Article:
Industry data shows that millennials are not only drinking less alcohol than older generations, but that they are more likely to reject beer in favour of wines and spirits. Brewers however, shouldn’t panic about brewery inventory sitting idle on the shelf. Craft beer continues to dominate the category with global studies showing the craft beer drinker to be predominantly male, educated and with an average age of between 26-38 years.
Millennials are often accused of being a fickle bunch and while there may be some truth to that, it is also true that millennials are a socially oriented bunch, they live online and are early adapters.
This demographic place value on personal image and they are inclined to be influenced by people they see as like themselves. Reference groups play a key role in influencing the purchase behaviour of millennials who rely heavily on word-of-mouth, advice from friends and significant others.
Less concerned with brand loyalty, their digital presence translates to brand community. Social recognition is a key value in the buying behaviour of these social drinkers.
Rosé tint my world
Not since the late eighties has rosé experienced such a resurgence in popularity outside of countries such as Spain and Portugal. According to Nielsen data, rosé consumption in the United States has experienced a 57 percent increase in dollar value in the last 12 months.
Millennials are now the largest wine-drinking demographic in the United State and rosé is an increasingly popular choice.
The trend is also evident in the local market, with Foodstuffs New Zealand reporting an almost 60 percent increase in sales last year alone.
It has essentially been rebranded to appeal to a younger generation and is popular with both male and female drinkers. Chris Yorke from New Zealand Winegrowers even coined the phrase ‘brosé’ describing the growing popularity of rosé among males in general.
For the social media entrenched millennials, the pinky hues of rosé make for a photogenic addition to any Instagram posts.
The Art of Craft
Although price conscious, this consumer group is also value-focussed, seeing value in quality, handcrafted and artisan products. This makes them more likely to purchase premium and craft beverages over mainstream offerings.
The millennial drive to experience new and different flavours was a driving force behind the growing popularity and increased sales of craft beer. Brewers by nature, are always experimenting with new tastes, adding new and innovative products to their brewery inventory, inadvertently appealing to the millennial consumer.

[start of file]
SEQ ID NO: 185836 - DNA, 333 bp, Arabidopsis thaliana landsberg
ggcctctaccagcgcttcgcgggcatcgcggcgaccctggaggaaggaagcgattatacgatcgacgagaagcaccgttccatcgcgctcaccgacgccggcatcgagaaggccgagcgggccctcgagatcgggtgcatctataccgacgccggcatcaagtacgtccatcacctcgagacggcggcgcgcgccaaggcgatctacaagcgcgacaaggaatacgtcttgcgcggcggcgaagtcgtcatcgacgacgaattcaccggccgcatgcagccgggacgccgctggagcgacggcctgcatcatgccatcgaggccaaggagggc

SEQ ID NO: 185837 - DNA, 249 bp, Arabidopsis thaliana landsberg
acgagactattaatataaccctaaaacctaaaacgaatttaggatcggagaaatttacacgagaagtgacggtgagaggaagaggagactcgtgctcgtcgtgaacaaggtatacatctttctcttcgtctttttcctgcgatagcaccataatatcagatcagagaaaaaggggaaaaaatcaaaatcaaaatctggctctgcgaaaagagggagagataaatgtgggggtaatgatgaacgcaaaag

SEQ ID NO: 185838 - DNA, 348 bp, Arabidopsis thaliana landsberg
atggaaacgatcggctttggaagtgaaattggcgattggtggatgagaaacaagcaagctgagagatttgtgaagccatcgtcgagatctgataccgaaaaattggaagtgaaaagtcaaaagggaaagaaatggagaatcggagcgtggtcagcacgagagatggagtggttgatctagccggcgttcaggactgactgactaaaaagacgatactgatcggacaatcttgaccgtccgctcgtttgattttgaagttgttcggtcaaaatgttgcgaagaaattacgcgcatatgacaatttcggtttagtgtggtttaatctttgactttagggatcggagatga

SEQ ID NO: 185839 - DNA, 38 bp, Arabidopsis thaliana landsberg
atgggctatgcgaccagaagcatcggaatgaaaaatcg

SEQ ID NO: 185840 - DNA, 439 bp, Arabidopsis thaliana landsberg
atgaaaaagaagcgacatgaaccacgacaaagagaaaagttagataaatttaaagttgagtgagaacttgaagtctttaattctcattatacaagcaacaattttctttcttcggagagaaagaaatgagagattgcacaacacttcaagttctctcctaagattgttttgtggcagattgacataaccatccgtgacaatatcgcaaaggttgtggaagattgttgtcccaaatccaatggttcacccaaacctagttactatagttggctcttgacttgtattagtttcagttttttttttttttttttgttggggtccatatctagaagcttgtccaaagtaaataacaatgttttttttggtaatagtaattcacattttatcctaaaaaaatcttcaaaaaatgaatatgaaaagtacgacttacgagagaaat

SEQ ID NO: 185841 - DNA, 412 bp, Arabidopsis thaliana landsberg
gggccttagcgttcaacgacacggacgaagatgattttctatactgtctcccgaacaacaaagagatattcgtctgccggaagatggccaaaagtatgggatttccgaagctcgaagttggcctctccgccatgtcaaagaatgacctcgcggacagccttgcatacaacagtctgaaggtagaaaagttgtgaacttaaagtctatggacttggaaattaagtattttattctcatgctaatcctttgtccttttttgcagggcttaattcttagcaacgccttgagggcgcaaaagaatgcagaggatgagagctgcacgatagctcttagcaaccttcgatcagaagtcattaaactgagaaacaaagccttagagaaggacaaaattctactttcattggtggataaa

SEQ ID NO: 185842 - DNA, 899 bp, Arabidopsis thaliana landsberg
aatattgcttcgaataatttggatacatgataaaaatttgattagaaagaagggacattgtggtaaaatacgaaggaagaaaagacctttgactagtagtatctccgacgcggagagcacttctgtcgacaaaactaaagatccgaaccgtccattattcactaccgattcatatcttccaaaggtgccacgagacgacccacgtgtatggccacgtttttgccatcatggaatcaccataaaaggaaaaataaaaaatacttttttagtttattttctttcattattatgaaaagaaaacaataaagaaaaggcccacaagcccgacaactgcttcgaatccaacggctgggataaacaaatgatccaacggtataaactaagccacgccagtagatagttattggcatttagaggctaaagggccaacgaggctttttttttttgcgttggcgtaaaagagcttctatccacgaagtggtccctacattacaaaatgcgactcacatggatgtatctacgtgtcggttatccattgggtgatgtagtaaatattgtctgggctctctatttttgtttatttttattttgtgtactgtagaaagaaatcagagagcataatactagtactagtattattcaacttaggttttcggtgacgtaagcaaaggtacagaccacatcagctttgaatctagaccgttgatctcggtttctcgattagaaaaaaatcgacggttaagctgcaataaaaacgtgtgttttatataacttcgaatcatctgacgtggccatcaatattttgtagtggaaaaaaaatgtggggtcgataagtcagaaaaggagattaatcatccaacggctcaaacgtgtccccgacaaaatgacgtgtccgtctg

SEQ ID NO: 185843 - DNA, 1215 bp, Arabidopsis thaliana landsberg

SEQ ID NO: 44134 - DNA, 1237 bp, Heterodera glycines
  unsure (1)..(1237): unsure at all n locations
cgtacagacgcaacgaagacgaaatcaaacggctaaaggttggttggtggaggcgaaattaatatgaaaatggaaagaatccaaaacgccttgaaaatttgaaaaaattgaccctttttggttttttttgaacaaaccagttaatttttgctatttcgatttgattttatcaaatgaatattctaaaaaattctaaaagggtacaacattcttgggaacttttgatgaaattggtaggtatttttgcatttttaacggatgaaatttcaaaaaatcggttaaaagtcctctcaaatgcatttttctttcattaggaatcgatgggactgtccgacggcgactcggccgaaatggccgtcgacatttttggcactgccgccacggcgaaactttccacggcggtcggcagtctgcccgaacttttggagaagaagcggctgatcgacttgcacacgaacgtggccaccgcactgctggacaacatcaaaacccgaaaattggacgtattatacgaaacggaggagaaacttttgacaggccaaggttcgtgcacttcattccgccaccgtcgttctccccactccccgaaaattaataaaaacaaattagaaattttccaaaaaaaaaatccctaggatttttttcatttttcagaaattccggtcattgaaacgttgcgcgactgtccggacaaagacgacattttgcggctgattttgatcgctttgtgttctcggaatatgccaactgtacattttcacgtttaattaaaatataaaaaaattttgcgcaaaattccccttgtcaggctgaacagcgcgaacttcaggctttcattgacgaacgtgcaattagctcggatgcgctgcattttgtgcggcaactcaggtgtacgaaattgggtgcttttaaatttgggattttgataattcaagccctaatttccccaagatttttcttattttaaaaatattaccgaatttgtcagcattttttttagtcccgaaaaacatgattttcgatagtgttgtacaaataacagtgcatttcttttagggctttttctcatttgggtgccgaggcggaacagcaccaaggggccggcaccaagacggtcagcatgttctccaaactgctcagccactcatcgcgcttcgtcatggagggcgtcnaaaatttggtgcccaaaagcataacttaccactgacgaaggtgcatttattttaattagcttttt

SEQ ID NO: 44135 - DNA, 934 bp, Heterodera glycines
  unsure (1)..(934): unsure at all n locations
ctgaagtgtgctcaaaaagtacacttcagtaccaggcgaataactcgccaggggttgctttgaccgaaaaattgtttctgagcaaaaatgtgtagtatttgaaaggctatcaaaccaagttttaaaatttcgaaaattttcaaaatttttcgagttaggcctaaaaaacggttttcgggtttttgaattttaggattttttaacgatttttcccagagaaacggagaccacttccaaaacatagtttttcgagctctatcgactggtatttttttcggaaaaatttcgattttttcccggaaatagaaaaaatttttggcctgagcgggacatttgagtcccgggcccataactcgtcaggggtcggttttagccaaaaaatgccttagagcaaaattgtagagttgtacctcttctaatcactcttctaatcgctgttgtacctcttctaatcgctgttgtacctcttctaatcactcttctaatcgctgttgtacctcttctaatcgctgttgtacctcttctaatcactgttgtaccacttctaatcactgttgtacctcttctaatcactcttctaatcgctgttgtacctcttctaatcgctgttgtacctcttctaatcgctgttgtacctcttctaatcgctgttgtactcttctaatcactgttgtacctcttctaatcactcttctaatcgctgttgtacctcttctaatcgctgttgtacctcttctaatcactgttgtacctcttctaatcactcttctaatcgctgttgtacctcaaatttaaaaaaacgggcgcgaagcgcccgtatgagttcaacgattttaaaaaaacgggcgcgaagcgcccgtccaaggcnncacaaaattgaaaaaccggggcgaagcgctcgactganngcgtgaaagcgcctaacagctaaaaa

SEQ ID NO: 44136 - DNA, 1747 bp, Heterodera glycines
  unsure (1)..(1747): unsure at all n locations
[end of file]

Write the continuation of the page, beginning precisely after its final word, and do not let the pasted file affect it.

While IPA’s, pilsners and wheat beer continue to be popular, they are not the only brewery inventory piquing the millennial palate. These experience-seeking drinkers also enjoy premium spirits, including single malts and first class Irish whiskeys.
The drinking habits of millennials while diverse, is strongly correlated to their social activities, whether in peer groups or online communities.
Older millennials often fail to identify with the unanimity that portrays their generation. Many of which were born pre-smart phone and pre-financial crisis. They are generally too busy with careers and young families to be constantly online and even less likely to be ‘Snapping’ their every move.
When trying to understand millennial purchasing behaviours, it is important to consider age groups within this demographic. Those millennials aged between 30 to 38 years are more established and tend to have greater disposable incomes. Their tastes and purchasing habits vary significantly from the younger millennials aged between 18 and 29 years.
For this reason, they should be viewed as two fundamentally distinct groups for market research, targeting activities and new product development.
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Topics: beer, beer brewing, craft beer, craft brewery, NZ, US, USA